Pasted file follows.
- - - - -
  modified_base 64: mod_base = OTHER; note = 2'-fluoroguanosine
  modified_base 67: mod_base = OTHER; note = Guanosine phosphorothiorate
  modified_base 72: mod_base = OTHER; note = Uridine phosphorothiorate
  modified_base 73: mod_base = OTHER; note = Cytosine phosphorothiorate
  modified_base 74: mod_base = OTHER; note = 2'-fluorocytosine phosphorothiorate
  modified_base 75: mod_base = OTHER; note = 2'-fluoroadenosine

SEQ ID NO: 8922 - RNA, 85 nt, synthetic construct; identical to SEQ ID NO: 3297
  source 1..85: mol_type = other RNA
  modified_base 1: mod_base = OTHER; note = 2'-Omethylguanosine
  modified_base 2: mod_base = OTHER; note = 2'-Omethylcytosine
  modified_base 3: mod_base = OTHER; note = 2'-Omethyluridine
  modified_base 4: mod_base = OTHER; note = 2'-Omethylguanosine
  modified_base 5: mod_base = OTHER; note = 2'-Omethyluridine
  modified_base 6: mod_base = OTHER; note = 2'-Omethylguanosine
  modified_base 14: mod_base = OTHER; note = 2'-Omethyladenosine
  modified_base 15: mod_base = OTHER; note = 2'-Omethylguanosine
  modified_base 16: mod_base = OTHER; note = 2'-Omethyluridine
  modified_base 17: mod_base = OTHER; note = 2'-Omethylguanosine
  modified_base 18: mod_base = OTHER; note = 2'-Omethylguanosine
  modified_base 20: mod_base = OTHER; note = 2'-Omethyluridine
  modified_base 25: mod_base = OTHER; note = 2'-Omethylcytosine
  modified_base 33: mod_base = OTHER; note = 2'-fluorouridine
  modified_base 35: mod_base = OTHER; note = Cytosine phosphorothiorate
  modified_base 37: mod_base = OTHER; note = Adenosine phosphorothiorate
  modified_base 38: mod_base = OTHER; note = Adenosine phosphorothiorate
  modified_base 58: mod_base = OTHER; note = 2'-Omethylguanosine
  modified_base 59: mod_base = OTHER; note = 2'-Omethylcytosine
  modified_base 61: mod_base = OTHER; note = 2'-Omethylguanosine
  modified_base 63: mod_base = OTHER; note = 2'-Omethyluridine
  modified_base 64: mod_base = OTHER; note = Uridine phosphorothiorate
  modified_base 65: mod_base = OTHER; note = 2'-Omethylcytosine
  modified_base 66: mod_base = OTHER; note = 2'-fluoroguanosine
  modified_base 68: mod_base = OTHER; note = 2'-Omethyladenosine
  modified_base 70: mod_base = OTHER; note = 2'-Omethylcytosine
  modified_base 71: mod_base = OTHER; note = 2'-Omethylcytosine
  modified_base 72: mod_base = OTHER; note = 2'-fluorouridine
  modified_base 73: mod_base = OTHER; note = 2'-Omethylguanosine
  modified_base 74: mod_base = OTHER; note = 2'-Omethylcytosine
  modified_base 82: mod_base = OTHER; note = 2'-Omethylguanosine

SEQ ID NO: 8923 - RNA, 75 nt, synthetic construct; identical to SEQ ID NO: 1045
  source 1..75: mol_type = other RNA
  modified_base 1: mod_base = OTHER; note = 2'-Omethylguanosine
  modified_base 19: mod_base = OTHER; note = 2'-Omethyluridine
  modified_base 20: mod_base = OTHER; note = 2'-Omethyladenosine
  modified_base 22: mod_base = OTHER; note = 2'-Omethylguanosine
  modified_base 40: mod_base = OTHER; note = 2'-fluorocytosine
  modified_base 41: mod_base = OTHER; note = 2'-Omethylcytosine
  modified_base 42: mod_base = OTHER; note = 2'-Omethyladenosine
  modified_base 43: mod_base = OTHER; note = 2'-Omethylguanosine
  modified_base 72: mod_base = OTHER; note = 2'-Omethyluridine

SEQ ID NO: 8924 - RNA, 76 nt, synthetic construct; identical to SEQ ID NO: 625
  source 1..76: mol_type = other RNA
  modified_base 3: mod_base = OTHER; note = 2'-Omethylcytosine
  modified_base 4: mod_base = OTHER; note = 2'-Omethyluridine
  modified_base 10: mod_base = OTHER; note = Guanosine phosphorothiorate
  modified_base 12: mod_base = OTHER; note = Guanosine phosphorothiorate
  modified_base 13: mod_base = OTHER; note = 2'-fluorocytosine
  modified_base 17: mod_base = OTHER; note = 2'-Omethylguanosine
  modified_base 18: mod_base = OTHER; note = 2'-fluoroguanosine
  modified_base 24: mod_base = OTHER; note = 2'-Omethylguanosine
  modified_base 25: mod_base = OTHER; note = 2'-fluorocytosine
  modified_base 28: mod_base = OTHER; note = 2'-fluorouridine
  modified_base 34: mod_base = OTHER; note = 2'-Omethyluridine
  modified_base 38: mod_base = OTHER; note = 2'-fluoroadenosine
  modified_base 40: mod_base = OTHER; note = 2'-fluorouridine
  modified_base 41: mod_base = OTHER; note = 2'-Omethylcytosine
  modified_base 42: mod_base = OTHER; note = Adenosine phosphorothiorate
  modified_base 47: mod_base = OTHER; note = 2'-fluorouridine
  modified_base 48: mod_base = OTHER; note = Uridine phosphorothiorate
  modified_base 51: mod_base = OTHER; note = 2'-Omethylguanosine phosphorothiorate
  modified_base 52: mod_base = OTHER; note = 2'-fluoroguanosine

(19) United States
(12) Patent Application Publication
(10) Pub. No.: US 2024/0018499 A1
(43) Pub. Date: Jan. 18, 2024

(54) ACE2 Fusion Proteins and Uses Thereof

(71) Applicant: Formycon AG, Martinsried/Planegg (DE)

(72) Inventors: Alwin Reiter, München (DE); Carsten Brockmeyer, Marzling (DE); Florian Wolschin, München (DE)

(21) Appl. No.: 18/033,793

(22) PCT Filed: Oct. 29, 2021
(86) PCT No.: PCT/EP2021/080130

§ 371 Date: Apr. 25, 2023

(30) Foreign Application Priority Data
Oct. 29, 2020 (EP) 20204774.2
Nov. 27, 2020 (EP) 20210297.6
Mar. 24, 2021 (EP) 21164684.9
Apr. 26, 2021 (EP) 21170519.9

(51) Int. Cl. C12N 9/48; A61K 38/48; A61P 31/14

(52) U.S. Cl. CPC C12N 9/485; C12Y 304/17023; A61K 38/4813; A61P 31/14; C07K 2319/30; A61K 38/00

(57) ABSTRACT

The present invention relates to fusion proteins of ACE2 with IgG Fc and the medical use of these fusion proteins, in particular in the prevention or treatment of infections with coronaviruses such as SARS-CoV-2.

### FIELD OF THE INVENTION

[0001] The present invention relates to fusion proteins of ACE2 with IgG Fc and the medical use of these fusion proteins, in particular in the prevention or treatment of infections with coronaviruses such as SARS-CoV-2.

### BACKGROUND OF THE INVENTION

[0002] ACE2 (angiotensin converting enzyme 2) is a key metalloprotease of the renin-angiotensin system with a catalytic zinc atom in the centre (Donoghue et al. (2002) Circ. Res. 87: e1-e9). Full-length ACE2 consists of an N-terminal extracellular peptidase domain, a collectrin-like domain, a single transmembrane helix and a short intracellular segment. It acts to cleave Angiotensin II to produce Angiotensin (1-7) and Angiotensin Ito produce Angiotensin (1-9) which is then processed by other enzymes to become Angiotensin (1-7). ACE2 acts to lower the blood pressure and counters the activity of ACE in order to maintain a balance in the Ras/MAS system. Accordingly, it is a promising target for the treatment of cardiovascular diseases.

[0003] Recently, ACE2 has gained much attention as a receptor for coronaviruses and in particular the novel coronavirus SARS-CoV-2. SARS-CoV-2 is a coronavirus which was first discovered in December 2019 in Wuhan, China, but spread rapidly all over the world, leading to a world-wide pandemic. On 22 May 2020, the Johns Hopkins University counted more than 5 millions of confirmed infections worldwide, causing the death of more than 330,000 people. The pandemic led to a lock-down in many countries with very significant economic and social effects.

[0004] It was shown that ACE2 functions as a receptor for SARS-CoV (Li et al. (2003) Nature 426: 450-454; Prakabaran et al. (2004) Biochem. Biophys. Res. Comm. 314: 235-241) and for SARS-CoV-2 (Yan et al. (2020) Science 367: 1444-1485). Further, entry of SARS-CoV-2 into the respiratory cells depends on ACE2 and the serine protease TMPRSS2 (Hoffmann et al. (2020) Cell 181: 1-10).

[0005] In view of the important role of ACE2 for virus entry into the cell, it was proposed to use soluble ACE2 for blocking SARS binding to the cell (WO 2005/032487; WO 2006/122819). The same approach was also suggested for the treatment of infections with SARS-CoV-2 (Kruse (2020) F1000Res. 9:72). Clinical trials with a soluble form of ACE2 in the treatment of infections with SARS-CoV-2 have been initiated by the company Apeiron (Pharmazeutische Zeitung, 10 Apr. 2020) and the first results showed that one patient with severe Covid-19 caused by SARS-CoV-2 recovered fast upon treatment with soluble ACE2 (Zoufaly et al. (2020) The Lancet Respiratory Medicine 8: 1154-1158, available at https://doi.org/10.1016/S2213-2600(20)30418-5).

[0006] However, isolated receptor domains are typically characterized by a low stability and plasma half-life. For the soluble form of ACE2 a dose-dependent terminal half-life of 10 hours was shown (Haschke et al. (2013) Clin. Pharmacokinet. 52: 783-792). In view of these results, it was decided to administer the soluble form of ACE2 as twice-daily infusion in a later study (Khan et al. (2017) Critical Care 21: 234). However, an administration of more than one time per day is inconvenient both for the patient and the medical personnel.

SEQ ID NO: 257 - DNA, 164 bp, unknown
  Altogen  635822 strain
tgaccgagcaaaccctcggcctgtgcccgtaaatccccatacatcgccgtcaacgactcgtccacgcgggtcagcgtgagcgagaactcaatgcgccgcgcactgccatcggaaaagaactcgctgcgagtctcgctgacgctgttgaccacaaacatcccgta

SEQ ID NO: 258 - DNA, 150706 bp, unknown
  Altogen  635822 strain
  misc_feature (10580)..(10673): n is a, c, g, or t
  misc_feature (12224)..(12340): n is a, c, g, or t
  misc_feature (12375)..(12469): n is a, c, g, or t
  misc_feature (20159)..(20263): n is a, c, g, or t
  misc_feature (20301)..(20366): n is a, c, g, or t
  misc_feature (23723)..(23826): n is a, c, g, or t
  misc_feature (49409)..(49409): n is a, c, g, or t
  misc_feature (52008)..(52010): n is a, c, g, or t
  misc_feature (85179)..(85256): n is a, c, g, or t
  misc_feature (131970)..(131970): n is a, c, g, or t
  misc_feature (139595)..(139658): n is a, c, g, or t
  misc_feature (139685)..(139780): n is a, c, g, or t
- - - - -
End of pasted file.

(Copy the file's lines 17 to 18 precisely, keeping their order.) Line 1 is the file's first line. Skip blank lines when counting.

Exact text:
  modified_base 16: mod_base = OTHER; note = 2'-Omethyluridine
  modified_base 17: mod_base = OTHER; note = 2'-Omethylguanosine